Open Android Studio, create a New Project, and give a name to your project as seen in the following figure:
At the Target Android Devices screen, without making any changes, just click on Next:
Next, at the Add an Activity to Mobile screen, select the Empty Activity option for now:
Now, the Activity and an XML file will be generated by default. Just click Finish when done:
When the project load is complete, just change the view structure to Project. You may leave it at Project Files by default:
Once this is done open the build.gradle file. Here you will see the libraries that are compiled in the project:
We have completed the launch of a blank project and we now should understand the basic setup of the same. In the next section, we will talk about adding Gradle to this app.
You can Gradle build script dependency to your app in the following way:
Open the file from your app module.
Here, in the dependencies, add the Gradle identifier for a library that you want to import:
Let us consider the current Gradle library, for instance:
The components of this Gradle library could be distributed in sections to ease understanding. Here are a few pointers to make note of:
- com.android.support is the package name of the project
- appcompat-v7 is the project name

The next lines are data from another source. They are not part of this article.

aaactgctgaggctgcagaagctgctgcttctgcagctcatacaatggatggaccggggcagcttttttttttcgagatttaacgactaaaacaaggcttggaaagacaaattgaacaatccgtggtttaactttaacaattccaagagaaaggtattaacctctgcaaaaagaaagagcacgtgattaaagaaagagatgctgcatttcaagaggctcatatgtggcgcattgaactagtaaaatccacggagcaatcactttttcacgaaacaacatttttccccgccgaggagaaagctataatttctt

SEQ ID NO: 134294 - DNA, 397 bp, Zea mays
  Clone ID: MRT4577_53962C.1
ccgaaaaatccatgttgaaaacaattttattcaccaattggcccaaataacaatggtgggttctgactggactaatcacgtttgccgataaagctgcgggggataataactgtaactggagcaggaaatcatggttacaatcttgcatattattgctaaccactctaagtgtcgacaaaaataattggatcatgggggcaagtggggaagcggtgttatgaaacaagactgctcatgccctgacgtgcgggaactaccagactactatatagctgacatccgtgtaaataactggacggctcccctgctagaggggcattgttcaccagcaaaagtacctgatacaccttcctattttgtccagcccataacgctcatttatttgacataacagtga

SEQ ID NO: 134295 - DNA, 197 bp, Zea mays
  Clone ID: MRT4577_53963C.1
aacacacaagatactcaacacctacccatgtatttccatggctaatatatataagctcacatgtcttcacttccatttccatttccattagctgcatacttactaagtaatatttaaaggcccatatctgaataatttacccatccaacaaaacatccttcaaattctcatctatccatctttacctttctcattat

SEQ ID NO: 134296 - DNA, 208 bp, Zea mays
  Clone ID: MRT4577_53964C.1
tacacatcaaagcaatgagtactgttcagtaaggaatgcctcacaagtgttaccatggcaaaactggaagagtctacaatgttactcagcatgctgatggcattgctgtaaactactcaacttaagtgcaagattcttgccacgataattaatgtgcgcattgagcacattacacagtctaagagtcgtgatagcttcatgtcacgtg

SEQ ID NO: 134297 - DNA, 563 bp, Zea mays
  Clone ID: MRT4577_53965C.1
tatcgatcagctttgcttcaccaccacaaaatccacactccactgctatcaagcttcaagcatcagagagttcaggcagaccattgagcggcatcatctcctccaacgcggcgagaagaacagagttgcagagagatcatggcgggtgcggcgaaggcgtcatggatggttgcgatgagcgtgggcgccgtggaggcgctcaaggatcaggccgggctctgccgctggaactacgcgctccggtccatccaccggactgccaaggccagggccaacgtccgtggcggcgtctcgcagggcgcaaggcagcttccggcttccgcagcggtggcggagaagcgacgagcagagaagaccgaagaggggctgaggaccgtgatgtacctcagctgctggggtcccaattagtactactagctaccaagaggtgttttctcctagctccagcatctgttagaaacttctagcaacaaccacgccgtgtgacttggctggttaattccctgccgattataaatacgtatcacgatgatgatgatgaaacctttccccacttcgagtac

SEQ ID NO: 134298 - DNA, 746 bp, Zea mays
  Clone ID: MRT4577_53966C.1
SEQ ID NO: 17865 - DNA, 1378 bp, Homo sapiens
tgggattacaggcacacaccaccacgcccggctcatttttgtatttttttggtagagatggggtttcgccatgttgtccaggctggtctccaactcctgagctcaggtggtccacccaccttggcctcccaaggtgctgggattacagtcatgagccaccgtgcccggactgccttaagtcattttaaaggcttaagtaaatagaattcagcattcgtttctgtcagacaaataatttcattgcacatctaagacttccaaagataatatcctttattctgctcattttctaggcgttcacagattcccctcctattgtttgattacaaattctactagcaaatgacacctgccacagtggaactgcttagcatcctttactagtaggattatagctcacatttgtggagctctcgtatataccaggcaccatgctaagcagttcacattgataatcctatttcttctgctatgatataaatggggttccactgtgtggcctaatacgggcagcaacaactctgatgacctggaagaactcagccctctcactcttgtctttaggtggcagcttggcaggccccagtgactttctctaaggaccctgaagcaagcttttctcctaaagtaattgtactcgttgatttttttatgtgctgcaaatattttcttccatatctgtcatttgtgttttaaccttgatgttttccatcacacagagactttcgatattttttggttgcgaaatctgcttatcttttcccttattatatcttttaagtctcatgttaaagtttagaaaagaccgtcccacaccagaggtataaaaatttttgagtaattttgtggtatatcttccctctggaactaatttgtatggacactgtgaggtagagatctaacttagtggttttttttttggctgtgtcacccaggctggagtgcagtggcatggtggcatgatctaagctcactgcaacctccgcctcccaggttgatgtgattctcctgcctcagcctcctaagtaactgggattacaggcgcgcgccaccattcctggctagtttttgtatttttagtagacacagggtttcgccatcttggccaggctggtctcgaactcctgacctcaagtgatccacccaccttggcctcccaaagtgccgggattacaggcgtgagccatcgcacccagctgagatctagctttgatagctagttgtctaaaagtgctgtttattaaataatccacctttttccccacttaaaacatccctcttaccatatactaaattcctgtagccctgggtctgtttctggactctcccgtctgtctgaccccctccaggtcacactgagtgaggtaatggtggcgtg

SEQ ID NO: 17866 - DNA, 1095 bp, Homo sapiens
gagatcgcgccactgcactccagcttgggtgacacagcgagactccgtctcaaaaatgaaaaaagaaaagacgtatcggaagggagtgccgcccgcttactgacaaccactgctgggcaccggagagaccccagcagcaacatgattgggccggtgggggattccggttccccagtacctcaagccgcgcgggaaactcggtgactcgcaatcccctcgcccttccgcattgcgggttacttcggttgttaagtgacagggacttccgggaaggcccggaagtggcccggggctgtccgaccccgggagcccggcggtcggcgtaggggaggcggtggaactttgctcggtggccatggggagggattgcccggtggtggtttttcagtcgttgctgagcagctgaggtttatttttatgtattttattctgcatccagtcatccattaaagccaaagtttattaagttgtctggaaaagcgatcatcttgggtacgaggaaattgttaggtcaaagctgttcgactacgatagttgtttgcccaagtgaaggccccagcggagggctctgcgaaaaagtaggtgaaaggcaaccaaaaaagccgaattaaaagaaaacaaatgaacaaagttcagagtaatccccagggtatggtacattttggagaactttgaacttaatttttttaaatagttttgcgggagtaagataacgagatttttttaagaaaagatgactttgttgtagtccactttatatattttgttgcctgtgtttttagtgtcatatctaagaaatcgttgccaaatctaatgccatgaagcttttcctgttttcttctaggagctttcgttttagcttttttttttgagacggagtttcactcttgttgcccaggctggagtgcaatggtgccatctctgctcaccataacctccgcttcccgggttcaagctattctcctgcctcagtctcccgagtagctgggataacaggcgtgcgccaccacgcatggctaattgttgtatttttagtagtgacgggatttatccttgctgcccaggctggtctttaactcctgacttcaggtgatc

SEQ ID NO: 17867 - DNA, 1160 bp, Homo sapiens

- 23.1.1 is the version of the project
We have now completed the setup for Gradle in Android Studio. We will be using several libraries in our App. In the next section, we will see how to add new Gradle Libraries.
Making Android Development more awesome, Gradle allows us to incorporate libraries in to Android Studio in different ways. Using these, developers can easily include their libraries using Gradle dependencies. In this section we will discuss the following techniques:
- Adding a Gradle identifier
- Adding as a module
To add a new Gradle library, find the Gradle identifier for the third party library, and add it to the dependencies list.
When you make changes to the build configuration files in your project, Android Studio requires that you sync your project files so that it can import your build configuration changes and run some checks to make sure your configuration won't create build errors.